Standard for Internet: TCP/IP (Transmission control protocol/Internet protocol) Identifies devices Reformats information Rules for exchanging data between computers Essential features of protocol Identifying sending and receiving devices (IP address); Internet unique number address Reformatting – allows message to be broken into packets so easier to transmit over Internet through various interconnected networks; allows message to be reassembled at destination Page 247

17 Networks A computer network is a communication system
Connects two or more computers Allows information exchange A computer network is a communication system that connects two or more computers so that they can exchange information and share resources Page 247

18 Computer Networks Connect Computers
Network Terms Computer Networks Connect Computers Node Client Server Hub Network interface cards (NIC) Network operating system (NOS) Distributed processing Host computer Network manager Node – any device connected to a network Client – a node that requests and uses resources available from other nodes Server – a node that shares resources with other nodes; dedicated servers specialize in performing specific tasks—could be an application server, communication server, database server, file server, printer server, or Web server Hub – the center or central node for other nodes Network interface cards (NIC) – connects the computer to a network Network operating system (NOS) – software to control and coordinate activities between computers on a network Distributed processing - computing power located and shared at different locations Host computer – large centralized computer Network manager – a computer specialist; network administrator Page 248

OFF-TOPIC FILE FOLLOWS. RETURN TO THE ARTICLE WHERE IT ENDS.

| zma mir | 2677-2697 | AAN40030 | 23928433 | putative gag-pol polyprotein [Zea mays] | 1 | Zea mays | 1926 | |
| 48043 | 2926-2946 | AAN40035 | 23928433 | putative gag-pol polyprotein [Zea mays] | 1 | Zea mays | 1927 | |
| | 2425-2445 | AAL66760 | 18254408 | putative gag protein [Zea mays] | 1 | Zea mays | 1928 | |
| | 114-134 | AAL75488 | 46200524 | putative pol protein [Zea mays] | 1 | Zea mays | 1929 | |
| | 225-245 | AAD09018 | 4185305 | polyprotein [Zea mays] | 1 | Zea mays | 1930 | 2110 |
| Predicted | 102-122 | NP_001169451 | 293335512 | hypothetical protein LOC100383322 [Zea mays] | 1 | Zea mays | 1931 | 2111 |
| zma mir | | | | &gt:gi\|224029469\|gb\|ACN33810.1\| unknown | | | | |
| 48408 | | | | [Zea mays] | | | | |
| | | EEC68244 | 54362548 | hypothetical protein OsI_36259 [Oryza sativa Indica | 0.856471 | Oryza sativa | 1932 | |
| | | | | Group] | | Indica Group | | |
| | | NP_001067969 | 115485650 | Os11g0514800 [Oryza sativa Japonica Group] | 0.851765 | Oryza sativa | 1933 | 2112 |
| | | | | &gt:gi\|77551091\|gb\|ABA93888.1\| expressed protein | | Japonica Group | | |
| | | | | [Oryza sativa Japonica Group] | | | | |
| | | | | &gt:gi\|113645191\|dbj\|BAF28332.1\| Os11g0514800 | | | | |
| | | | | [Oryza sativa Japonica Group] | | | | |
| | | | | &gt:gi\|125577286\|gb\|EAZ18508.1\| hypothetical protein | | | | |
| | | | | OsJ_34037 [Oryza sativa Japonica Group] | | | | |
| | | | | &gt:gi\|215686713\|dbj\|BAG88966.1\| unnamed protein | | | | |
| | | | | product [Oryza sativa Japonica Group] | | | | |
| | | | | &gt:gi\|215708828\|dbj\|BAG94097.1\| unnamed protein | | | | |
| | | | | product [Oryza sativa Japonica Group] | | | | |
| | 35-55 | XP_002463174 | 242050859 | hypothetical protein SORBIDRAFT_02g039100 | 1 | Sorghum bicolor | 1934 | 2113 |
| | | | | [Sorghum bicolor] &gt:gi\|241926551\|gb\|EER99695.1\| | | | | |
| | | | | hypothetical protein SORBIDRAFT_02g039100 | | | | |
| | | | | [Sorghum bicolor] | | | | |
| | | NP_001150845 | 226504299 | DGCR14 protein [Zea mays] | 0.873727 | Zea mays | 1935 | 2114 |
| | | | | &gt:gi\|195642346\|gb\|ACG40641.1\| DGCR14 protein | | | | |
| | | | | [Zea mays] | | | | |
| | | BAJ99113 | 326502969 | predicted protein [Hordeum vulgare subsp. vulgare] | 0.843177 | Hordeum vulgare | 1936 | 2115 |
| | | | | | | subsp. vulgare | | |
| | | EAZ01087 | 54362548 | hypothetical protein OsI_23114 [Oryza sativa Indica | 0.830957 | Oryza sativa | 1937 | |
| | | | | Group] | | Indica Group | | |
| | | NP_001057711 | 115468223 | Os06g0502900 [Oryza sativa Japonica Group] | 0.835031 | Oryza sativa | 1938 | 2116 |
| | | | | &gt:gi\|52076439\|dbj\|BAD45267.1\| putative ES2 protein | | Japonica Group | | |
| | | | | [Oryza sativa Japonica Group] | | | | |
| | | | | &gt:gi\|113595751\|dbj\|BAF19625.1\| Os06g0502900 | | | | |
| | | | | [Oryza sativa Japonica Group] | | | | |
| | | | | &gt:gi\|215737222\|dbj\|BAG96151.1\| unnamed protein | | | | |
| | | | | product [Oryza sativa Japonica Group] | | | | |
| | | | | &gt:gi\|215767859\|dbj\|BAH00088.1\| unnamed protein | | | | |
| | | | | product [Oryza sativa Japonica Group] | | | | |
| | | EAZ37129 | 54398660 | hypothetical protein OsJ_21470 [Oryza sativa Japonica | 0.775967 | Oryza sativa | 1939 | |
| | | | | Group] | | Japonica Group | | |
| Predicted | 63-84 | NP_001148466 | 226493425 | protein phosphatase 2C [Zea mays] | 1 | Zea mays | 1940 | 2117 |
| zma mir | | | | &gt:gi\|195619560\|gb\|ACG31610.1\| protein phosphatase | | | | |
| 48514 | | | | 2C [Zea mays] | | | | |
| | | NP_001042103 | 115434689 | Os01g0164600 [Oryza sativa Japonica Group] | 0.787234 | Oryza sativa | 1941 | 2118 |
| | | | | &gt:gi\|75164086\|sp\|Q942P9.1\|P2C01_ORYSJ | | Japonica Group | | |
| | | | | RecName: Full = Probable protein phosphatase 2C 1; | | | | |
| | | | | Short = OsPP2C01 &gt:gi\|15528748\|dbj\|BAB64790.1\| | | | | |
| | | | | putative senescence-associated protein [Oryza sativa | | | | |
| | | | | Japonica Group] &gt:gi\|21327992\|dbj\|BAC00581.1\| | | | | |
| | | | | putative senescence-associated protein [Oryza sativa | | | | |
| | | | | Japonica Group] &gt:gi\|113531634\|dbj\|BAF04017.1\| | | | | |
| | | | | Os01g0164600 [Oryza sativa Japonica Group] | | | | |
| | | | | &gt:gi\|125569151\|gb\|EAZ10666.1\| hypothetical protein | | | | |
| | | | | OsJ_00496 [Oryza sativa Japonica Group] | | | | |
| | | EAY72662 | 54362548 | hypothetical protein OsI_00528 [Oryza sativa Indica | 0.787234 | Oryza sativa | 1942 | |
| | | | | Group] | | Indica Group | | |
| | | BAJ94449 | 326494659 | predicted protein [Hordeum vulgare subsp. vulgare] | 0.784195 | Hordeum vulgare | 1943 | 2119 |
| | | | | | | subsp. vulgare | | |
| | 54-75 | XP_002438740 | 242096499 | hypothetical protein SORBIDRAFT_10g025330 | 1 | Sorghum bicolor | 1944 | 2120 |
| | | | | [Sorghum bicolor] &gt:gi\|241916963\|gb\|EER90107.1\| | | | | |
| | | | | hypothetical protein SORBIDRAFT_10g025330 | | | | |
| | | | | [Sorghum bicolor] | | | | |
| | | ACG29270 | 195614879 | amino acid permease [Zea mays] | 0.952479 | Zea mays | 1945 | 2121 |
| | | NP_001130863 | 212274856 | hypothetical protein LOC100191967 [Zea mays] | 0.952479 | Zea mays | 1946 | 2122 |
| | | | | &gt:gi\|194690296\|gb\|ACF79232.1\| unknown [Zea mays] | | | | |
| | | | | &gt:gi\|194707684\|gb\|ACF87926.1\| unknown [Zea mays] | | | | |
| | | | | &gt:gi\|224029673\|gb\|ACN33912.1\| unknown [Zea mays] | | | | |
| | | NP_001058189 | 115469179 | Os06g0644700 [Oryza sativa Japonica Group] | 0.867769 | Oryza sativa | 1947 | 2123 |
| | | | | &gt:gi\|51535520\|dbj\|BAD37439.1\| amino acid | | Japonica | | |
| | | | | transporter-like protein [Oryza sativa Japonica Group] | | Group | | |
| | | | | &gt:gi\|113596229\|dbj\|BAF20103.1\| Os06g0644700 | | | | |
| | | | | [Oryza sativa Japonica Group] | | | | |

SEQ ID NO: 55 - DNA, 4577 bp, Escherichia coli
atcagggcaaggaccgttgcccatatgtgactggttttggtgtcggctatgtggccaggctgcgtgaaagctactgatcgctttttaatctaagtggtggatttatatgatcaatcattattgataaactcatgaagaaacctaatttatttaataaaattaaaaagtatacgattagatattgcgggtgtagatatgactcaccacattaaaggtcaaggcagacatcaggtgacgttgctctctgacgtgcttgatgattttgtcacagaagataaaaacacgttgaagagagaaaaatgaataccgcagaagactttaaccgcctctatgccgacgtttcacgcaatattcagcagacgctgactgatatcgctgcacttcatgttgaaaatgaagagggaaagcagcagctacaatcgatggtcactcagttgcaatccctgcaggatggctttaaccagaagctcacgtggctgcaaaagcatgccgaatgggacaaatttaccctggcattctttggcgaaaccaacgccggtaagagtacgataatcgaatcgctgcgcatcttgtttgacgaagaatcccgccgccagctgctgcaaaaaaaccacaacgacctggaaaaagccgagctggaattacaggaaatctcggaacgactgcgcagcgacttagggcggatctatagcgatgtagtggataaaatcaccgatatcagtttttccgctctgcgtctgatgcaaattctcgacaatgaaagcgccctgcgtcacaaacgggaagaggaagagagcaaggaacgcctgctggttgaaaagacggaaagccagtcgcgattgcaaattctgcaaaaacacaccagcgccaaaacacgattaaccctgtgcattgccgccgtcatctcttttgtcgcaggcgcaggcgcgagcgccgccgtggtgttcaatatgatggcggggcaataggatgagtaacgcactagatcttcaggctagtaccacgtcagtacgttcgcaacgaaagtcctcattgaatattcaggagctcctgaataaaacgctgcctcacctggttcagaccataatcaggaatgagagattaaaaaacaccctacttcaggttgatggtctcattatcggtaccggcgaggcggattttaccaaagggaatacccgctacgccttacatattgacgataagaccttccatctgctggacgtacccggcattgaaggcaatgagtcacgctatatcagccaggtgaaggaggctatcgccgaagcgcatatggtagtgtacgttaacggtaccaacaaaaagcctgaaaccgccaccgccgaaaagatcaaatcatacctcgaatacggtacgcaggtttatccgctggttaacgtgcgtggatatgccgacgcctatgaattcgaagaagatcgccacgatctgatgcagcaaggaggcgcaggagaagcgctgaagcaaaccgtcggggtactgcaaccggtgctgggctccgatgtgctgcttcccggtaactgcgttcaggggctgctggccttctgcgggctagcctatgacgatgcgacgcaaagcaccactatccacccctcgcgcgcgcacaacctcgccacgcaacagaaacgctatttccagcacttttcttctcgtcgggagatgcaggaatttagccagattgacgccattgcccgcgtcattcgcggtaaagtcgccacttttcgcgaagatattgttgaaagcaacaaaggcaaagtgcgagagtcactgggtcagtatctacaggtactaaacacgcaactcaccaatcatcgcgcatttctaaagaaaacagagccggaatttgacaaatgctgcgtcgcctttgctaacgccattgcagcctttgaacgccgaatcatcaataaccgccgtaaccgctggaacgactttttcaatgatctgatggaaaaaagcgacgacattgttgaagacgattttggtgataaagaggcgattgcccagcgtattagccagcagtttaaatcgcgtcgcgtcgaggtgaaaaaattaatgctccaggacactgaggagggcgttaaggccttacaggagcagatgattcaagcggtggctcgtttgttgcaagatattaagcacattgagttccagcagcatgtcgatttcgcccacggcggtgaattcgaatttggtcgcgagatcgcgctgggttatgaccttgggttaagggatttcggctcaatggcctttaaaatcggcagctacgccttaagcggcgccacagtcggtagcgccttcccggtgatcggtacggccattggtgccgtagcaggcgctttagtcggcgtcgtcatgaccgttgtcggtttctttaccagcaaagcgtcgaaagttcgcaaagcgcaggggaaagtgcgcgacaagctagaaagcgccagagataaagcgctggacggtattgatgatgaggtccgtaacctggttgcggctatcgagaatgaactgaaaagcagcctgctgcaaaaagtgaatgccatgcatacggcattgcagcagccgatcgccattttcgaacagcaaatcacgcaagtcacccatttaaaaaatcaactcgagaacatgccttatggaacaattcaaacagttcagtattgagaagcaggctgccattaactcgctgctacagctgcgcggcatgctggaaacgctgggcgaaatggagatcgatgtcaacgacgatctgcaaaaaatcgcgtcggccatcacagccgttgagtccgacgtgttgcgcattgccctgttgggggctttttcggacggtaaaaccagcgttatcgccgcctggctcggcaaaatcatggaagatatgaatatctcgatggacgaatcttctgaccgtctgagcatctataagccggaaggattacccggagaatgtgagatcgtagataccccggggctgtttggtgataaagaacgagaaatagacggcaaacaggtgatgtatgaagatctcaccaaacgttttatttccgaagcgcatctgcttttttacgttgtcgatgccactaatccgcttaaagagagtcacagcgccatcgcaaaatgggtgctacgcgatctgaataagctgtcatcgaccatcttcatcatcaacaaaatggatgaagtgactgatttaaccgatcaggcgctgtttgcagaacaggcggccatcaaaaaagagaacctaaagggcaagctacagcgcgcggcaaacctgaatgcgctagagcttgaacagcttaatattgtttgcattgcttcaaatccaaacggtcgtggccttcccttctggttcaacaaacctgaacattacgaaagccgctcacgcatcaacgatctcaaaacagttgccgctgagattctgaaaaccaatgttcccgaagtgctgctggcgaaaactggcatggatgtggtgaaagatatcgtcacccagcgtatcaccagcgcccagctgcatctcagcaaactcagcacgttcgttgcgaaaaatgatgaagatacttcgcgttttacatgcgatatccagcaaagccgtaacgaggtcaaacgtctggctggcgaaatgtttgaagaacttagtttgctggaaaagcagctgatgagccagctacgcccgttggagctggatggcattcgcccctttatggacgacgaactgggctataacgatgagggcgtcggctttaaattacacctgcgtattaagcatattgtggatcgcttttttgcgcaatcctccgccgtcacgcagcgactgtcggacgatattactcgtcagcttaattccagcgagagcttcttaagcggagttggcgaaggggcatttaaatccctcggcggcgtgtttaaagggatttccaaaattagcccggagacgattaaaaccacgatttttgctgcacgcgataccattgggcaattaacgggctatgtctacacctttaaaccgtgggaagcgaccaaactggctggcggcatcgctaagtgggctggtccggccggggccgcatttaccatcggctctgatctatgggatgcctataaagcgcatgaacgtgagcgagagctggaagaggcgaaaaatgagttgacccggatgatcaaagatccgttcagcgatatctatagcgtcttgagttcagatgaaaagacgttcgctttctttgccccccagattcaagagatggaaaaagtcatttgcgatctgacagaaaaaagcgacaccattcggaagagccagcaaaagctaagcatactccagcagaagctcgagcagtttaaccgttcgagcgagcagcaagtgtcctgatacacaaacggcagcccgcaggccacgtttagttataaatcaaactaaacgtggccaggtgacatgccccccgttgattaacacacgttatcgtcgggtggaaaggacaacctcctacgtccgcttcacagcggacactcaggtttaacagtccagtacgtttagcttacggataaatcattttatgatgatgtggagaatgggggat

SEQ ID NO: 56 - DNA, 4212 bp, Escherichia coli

19 Network Types Local area networks Home networks
WLAN Metropolitan area networks Wide area networks Communications networks differ in geographical size. Three important types are: 1)LANs Computers and devices linked in close proximity to each other Linked by cable Typically use a bus form of organization With gateways, LANs can be connected to other LANs or any other type of network Home Networks – LANs are now being commonly used by individuals in home/apartments; allow different computers to share resources including a common Internet connection; can be connected by various means including a wireless LAN (WLAN) that uses radio frequencies to connect computers Home networking includes the following: Radio frequency, telephone lines, electric wiring, cables, NIC/adapter cards 2)MANs (metropolitan area network)– also known as a regional network; span distances up to 100 miles Network linking nodes and resources within the geographical bounds of a city Cellular phones can extend the reach of a MAN 3)WANs (wide area networks) Countrywide and worldwide networks Use microwave relays and satellites to reach users Internet is the widest WAN Page 249